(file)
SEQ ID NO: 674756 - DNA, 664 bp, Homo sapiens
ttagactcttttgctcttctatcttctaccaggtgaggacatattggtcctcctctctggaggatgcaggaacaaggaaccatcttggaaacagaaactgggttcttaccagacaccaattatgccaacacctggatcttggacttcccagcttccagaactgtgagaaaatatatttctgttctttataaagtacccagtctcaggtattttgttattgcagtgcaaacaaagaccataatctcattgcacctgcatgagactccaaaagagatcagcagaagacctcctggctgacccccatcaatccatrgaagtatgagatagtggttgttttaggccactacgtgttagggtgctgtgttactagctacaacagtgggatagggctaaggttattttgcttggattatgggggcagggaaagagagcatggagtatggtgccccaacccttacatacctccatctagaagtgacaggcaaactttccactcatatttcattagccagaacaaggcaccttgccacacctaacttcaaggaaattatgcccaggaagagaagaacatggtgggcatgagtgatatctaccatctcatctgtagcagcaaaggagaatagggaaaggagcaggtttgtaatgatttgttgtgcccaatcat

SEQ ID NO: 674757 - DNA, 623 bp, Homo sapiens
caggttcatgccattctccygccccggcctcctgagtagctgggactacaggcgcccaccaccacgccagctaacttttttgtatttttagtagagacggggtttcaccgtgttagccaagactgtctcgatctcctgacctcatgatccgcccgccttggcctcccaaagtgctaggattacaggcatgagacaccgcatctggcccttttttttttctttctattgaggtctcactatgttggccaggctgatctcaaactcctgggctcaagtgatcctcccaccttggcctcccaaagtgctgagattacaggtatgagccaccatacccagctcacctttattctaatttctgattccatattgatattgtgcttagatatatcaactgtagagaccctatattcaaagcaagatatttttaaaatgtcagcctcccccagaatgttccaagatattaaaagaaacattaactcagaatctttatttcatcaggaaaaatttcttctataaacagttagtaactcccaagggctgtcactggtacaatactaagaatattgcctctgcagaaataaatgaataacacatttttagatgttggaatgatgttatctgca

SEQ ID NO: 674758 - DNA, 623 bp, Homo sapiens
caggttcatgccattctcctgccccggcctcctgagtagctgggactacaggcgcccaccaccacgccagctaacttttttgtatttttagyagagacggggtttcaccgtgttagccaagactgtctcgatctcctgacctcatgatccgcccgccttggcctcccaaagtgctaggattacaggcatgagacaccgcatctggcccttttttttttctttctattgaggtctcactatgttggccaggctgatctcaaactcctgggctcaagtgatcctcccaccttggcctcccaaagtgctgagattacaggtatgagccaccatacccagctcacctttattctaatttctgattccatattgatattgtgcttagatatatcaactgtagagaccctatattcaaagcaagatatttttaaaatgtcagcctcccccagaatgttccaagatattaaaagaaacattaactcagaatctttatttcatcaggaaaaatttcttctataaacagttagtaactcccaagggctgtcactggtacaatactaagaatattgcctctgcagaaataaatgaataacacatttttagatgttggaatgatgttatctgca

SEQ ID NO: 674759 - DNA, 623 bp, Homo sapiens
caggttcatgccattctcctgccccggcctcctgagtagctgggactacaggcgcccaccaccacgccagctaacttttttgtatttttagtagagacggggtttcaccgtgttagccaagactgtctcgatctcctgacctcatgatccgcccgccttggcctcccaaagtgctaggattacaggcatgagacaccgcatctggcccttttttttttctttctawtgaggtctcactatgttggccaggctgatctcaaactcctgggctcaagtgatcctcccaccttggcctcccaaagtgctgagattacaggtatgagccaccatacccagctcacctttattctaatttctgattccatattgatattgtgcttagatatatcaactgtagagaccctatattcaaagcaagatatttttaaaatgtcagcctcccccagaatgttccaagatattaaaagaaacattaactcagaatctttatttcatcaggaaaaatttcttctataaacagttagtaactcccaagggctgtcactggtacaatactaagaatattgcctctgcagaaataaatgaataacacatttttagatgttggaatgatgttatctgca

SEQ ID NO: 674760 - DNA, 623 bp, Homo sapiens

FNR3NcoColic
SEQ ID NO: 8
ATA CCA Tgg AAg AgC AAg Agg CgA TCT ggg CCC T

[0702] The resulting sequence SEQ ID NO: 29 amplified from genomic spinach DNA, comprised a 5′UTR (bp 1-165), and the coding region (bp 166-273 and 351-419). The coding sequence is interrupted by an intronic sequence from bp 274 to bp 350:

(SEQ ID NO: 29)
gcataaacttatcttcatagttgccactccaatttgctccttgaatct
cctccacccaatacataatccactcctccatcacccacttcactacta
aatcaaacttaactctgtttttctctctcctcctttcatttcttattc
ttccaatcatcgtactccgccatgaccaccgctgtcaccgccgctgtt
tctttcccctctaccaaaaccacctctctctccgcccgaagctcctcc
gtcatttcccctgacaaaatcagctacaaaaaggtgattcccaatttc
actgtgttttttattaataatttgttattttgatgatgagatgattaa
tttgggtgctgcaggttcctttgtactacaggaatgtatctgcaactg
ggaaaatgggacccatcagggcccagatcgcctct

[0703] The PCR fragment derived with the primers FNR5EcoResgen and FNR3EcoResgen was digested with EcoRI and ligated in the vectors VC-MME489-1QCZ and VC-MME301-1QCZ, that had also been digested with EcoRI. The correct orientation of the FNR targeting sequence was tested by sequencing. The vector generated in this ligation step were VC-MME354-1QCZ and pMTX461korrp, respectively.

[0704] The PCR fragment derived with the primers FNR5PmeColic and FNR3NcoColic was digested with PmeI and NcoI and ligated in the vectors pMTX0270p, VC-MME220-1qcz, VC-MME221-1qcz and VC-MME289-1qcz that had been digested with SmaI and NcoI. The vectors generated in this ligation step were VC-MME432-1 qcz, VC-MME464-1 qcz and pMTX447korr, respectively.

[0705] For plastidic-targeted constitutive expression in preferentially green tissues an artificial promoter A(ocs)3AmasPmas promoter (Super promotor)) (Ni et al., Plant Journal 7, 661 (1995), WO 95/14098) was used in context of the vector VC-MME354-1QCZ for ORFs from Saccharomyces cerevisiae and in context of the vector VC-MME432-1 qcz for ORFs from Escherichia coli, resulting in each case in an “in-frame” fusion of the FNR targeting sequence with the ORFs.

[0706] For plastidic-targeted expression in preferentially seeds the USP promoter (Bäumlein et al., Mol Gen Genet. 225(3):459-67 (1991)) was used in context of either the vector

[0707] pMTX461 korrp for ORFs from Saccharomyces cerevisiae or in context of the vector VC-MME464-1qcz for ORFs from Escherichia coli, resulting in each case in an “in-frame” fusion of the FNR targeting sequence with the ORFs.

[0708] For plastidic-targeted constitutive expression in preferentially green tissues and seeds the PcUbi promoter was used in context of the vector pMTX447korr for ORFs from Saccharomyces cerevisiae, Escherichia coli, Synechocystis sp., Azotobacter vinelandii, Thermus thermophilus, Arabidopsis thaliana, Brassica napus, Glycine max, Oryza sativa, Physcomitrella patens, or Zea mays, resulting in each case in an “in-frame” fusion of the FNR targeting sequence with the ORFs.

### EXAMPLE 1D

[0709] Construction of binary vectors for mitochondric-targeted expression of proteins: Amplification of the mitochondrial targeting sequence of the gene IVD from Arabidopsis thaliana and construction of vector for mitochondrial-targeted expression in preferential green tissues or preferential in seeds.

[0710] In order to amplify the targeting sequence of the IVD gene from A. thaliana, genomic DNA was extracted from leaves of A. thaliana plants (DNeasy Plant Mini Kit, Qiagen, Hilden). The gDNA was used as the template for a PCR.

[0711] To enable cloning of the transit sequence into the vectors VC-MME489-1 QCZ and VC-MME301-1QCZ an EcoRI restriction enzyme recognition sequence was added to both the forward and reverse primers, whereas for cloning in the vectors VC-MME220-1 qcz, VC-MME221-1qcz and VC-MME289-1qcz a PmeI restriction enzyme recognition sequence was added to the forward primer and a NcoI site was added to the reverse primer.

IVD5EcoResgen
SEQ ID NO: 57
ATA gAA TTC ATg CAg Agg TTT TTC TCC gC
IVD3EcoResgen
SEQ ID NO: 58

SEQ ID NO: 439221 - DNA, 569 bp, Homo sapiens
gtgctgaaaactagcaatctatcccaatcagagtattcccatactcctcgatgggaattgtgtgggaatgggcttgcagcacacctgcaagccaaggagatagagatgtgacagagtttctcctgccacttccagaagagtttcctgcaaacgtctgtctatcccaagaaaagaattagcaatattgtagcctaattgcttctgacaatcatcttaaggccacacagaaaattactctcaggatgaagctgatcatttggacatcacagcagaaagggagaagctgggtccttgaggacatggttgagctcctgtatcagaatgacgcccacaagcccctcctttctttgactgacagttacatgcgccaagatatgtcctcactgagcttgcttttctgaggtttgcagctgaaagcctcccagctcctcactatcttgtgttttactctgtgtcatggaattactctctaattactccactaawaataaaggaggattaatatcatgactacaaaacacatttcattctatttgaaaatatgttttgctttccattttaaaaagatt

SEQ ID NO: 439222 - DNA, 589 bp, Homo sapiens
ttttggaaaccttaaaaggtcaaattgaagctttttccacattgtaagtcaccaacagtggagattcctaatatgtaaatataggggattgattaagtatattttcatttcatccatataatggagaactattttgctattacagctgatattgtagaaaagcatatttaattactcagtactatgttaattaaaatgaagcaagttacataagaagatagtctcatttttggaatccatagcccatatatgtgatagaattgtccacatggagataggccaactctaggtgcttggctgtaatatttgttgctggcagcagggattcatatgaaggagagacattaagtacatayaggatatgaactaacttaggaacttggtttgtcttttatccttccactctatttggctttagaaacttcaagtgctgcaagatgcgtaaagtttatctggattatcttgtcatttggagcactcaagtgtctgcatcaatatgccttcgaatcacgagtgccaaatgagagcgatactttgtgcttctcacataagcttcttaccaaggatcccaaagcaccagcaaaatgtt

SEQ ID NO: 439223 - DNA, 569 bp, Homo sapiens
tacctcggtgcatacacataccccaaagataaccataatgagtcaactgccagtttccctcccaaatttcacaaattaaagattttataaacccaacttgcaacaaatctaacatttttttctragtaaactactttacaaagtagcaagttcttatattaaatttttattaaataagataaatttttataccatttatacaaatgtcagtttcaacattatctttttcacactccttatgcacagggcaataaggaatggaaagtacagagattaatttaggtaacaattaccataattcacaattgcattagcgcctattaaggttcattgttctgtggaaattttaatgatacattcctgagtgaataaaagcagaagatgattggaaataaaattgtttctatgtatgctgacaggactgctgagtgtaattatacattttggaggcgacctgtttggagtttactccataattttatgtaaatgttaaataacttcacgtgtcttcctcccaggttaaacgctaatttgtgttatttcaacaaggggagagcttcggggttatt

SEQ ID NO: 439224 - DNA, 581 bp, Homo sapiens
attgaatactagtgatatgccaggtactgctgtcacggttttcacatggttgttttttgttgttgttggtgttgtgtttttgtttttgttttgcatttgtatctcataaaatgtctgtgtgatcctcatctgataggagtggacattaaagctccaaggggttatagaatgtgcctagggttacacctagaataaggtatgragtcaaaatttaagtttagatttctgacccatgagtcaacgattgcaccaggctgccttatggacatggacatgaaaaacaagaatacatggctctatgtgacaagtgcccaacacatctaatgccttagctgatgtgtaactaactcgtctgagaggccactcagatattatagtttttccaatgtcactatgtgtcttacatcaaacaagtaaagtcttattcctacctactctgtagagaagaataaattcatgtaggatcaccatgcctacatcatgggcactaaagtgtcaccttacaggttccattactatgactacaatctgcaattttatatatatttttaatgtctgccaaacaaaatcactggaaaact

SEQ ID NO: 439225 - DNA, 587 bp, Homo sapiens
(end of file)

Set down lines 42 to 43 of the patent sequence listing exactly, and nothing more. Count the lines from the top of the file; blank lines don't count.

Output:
ttttggaaaccttaaaaggtcaaattgaagctttttccacattgtaagtcaccaacagtggagattcctaatatgtaaatataggggattgattaagtatattttcatttcatccatataatggagaactattttgctattacagctgatattgtagaaaagcatatttaattactcagtactatgttaattaaaatgaagcaagttacataagaagatagtctcatttttggaatccatagcccatatatgtgatagaattgtccacatggagataggccaactctaggtgcttggctgtaatatttgttgctggcagcagggattcatatgaaggagagacattaagtacatayaggatatgaactaacttaggaacttggtttgtcttttatccttccactctatttggctttagaaacttcaagtgctgcaagatgcgtaaagtttatctggattatcttgtcatttggagcactcaagtgtctgcatcaatatgccttcgaatcacgagtgccaaatgagagcgatactttgtgcttctcacataagcttcttaccaaggatcccaaagcaccagcaaaatgtt

SEQ ID NO: 439223 - DNA, 569 bp, Homo sapiens